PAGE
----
-- I don’t think this is a postmodern era. Actually, every century begins with a couple of years’ delay, so, in my opinion, this century is just beginning and we can’t say yet what it’s going to be like. I also think that postmodernism is an ancient thing, outdated in a way. I’m a modernist, haha, a new modernist. I love modernism! Rimbaud said: “We have to be modern.” That’s why I like the 20s, the Dadaists, Futurists, Surrealists... Their uncompromising tone is music to my ears. So, I think this century is just beginning and we have to open our eyes. Right now. The Olympics in China. Everything is starting now.

Yesterday I watched the films Petar Mitrić selected for the Young European Filmmakers, eight or nine animated films by different authors from different countries, from France to Croatia. Similar ideas seem to connect all the films – small man alienation, everyday work slavery, corporations ruling the world. What do you think, are the middle class and old bourgeoisie dying out and is the world being left to a handful of super rich people, while the rest of the despised are going to move to some kind of the underground as a new conscience of the world?

-- I think everything is underground. New centuries are very innovative in their early years. Look at the 20th century. Symbolism of the art movements from the early 20th century is huge. Therefore, I repeat, open your eyes, stand up and deliver! Hahahahah! There is also that link with the representatives of the Beat Generation who didn’t like hippies. Remember Burroughs’ words: “You can’t win a war fighting with flowers.” I want to say that that everything is connected and overlapping - modernists, futurists, beats, punkers, they are all fighters for freedom.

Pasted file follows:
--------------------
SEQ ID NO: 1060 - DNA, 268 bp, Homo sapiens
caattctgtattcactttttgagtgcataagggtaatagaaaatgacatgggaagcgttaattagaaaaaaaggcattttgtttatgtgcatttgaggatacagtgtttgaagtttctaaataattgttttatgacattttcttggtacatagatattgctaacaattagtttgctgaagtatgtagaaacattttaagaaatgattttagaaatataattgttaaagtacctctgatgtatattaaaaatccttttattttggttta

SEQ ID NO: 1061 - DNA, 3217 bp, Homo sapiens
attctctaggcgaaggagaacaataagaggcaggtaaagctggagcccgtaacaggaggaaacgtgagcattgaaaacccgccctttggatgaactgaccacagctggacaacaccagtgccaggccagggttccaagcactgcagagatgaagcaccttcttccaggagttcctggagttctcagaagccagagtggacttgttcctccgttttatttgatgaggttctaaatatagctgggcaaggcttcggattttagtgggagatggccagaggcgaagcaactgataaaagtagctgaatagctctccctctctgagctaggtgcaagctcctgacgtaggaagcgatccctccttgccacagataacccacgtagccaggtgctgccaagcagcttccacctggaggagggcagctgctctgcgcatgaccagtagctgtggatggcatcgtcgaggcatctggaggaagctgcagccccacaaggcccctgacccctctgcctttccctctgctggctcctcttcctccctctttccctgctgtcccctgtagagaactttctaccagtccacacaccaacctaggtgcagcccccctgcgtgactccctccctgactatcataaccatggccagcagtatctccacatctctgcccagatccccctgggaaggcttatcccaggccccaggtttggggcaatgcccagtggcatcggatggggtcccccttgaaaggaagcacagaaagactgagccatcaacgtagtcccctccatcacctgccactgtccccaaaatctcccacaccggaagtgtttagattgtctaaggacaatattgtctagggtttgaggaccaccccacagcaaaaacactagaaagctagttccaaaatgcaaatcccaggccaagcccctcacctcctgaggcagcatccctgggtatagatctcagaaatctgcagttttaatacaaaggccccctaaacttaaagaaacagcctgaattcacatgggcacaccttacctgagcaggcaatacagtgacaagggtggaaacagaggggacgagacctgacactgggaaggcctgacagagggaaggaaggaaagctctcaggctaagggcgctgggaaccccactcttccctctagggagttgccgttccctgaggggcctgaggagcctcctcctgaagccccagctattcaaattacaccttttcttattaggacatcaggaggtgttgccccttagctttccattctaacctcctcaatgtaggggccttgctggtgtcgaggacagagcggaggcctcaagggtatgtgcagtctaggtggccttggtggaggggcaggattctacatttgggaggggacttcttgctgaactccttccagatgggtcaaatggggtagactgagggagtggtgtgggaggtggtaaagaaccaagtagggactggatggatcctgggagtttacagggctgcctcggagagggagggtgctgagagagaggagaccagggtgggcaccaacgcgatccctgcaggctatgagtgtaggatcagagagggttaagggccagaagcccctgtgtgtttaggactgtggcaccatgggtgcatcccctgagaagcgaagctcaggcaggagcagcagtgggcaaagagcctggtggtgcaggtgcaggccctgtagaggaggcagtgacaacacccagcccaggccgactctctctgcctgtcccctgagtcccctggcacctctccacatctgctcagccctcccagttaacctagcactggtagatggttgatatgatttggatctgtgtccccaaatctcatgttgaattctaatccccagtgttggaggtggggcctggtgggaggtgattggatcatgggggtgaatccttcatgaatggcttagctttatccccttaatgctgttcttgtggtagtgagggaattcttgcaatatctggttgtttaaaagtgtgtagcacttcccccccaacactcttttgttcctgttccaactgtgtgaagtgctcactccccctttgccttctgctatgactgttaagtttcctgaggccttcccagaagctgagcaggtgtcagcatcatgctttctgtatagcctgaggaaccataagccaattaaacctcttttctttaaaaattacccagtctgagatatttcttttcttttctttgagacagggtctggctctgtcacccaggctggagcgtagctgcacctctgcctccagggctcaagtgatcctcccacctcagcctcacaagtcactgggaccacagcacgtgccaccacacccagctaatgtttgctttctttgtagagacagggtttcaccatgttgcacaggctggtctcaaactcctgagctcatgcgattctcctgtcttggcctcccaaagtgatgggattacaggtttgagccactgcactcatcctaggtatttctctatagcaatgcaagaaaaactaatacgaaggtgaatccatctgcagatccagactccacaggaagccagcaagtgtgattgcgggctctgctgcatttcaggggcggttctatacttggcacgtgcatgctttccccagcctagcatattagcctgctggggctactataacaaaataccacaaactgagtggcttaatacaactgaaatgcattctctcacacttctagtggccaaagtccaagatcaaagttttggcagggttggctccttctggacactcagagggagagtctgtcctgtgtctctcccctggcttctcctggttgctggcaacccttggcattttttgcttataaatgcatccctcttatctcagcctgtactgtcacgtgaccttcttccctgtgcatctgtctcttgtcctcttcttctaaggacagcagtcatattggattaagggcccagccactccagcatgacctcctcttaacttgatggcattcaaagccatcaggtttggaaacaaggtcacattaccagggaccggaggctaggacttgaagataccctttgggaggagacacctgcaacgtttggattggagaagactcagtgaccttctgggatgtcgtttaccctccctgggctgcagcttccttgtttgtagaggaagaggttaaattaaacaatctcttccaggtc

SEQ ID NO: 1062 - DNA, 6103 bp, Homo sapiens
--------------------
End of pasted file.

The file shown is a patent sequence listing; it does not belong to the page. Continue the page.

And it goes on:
You have travelled a lot and you had the opportunity to meet different people and cultures. Do you think that people have the power to make life better and more tolerable?

-- I was born in a small place in the French mountains. As a young man I was very interested in international literature which clashed strongly with my way of life. I think travelling is very inspiring. When the situation is chaotic, international friendships become more alive. The idea of internationalism was also very close to me. I like to make films because they are so different from poetry. They speak different languages. Poetry is an intimate thing limited to one’s native language, whereas films communicate in a universal language. I like to be a stranger while I’m making a film. The world is huge in its diversity. I think it’s stupid to say that the world is small. Actually, in a way, the world is the same. Instead of coming here two days ago, I might have landed in Argentina. Everything is different compared to, for example, the time of the World War One that I don’t really like, but I think it’s impossible to predict what the world is going to be like in this century. Perhaps we need total chaos which would bring forth something new. For instance, after the World War One, that total chaos which could have cleaned everything didn’t occur and a couple of years later we had Hitler. We can’t really know. If somebody had told us about the present day in ’89, we wouldn’t have believed them. The future is unwritten. The world is constantly changing. Who knows what will be?
publicado por Aufgang Luz Nebulosa às 04:12